The camp was under the supervision of Switzerland, and from January 1944 the prisoners had an elected representative whose task was to communicate with the Bulgarian military authorities and the Swiss Embassy in Sofia.
A rare photograph of the first POW Camp, dated March-April 1944. Prisoners lie outside, enjoying the sun
The first POW camp was a former military recreation house, about 8 kilometres from the city, in the village of Lozevo. This building could accommodate up to 110 prisoners, and became so overcrowded that on 13 July 1944 the camp was moved to the former barracks of the 3rd Ammunition Platoon, on the Ilchov Bair plateau. Overlooking Shumen, the plateau is now a nature park.
This building survived the war, and from 1946 to 1975 was used for military storage. In 1981 it was demolished, as the Founders of the Bulgarian State monument was being built less than 100 metres from it.
Drawing of the second camp, dated August 1944, by POW Richard Roehll
The living conditions of the POWs were tough, and reflected the poor conditions in Bulgaria in 1944. There was no electricity or running water, and hygiene was basic. The food was meagre and medical care was inadequate. Nevertheless, none of the POWs died from malnutrition or maltreatment. The military commandants of the camp did their best to follow the orders of the Shumen Garrison Commandant, Colonel Yordan Panayotov, who stated that the prisoners should be "treated as representatives of great countries." A telling example is that the food of the Bulgarian guards was the same in amount and quality as the food of the prisoners. There is also no evidence of discrimination on behalf of the Bulgarians against the POWs, whose numbers included the Native American Edward Tinker and the African American pilot Henry Wise.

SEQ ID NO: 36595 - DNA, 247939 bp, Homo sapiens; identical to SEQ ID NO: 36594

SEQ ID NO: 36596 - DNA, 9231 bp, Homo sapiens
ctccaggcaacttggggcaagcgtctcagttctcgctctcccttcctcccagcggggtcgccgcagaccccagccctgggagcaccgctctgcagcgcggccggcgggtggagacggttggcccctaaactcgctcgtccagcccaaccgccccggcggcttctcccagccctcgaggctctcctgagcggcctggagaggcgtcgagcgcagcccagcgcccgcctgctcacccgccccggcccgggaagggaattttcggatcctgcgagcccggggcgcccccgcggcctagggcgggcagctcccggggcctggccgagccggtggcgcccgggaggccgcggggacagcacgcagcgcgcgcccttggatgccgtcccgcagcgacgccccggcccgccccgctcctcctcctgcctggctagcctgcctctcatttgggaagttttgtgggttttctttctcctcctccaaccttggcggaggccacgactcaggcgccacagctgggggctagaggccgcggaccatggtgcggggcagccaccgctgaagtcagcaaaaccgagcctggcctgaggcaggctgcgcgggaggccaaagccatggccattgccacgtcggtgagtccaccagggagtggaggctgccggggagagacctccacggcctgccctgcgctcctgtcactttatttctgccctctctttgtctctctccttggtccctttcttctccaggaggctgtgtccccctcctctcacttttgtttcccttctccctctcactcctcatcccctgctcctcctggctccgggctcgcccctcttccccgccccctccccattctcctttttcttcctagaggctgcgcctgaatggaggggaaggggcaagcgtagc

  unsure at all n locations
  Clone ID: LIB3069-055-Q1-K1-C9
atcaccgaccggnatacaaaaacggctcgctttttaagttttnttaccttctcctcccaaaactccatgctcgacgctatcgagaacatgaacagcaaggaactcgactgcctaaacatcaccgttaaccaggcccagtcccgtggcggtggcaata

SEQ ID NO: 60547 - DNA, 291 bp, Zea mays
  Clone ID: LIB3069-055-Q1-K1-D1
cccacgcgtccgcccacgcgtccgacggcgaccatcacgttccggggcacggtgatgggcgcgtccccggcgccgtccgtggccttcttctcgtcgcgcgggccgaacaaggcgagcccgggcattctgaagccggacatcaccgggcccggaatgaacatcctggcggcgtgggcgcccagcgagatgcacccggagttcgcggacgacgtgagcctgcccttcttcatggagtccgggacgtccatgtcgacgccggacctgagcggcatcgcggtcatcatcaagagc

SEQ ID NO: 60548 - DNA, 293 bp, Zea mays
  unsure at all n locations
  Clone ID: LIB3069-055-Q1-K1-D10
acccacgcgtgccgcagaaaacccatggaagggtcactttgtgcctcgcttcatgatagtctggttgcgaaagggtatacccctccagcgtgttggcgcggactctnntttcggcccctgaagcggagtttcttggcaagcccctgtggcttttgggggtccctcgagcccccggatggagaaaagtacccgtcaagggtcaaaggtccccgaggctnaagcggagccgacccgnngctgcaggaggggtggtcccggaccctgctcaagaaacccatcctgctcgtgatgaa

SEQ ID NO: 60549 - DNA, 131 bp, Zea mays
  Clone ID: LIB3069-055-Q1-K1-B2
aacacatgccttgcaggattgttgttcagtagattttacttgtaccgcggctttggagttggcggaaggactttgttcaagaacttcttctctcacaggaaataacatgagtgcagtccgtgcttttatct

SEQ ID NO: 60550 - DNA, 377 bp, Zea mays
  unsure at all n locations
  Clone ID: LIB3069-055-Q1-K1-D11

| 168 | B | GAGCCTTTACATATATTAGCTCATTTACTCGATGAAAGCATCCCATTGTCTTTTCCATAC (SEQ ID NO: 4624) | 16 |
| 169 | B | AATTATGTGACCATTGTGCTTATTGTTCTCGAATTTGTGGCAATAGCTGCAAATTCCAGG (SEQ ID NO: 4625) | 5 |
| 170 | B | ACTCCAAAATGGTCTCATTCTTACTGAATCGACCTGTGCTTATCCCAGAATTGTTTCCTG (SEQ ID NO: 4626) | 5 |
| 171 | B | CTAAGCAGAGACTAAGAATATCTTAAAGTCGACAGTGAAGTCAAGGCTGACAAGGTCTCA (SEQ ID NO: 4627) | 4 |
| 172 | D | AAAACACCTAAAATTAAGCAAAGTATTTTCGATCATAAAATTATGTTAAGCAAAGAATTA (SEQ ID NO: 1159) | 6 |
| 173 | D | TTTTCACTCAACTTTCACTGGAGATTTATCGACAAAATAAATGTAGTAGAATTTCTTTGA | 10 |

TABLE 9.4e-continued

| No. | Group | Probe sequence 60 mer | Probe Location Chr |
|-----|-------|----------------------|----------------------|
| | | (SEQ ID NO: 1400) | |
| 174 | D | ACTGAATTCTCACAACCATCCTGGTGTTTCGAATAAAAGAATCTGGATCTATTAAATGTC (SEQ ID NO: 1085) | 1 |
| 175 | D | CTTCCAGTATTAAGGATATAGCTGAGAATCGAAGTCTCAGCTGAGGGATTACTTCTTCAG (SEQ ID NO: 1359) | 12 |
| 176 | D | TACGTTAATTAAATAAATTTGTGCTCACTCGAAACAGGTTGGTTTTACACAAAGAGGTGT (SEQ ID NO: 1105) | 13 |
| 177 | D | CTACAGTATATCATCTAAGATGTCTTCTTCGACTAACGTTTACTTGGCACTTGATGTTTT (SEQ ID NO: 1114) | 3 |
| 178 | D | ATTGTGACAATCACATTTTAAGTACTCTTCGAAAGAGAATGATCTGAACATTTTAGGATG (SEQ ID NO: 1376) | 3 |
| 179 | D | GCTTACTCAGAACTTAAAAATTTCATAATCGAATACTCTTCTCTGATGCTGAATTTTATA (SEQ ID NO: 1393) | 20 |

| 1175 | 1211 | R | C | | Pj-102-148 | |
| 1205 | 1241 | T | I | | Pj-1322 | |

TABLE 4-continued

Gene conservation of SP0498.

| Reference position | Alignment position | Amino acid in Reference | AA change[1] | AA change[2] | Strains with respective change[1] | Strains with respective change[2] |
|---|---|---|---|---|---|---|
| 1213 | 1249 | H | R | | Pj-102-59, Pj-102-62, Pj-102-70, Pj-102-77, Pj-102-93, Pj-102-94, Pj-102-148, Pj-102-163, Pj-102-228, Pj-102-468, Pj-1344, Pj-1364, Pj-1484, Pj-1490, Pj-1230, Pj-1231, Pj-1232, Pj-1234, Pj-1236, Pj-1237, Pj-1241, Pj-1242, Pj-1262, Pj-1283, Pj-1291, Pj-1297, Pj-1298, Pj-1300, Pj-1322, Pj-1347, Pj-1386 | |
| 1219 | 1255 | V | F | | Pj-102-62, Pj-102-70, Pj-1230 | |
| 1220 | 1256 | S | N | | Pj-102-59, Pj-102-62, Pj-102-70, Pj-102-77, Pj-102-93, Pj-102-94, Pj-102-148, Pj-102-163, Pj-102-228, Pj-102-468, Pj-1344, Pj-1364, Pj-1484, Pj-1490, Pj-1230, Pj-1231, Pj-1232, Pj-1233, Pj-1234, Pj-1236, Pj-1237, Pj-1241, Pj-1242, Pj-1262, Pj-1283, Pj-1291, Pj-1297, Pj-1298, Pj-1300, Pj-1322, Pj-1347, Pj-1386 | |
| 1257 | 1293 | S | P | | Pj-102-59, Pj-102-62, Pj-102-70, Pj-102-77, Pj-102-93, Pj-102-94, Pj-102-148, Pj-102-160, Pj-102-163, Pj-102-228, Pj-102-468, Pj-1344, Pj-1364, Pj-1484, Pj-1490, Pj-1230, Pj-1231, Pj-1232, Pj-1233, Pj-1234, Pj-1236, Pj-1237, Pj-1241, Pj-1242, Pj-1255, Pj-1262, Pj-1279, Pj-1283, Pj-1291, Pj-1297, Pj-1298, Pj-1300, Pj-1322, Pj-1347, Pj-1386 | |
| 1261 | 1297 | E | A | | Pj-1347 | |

The Shumen Garrison Commandant visited the POW camp once a week. While there, he would take on board the POWs' main concerns and would try to help. The POWs requested more free space for walking and sports, a kiosk for buying food and other goods, and more fresh fruit and vegetables on the menu. The camp's main problem, as in Shumen itself, was the water shortage.
While in prison, the men tried to entertain themselves. They organised performances and had a "orchestra" of guitars accompanied by self-made drums plus bottles, jugs and pans.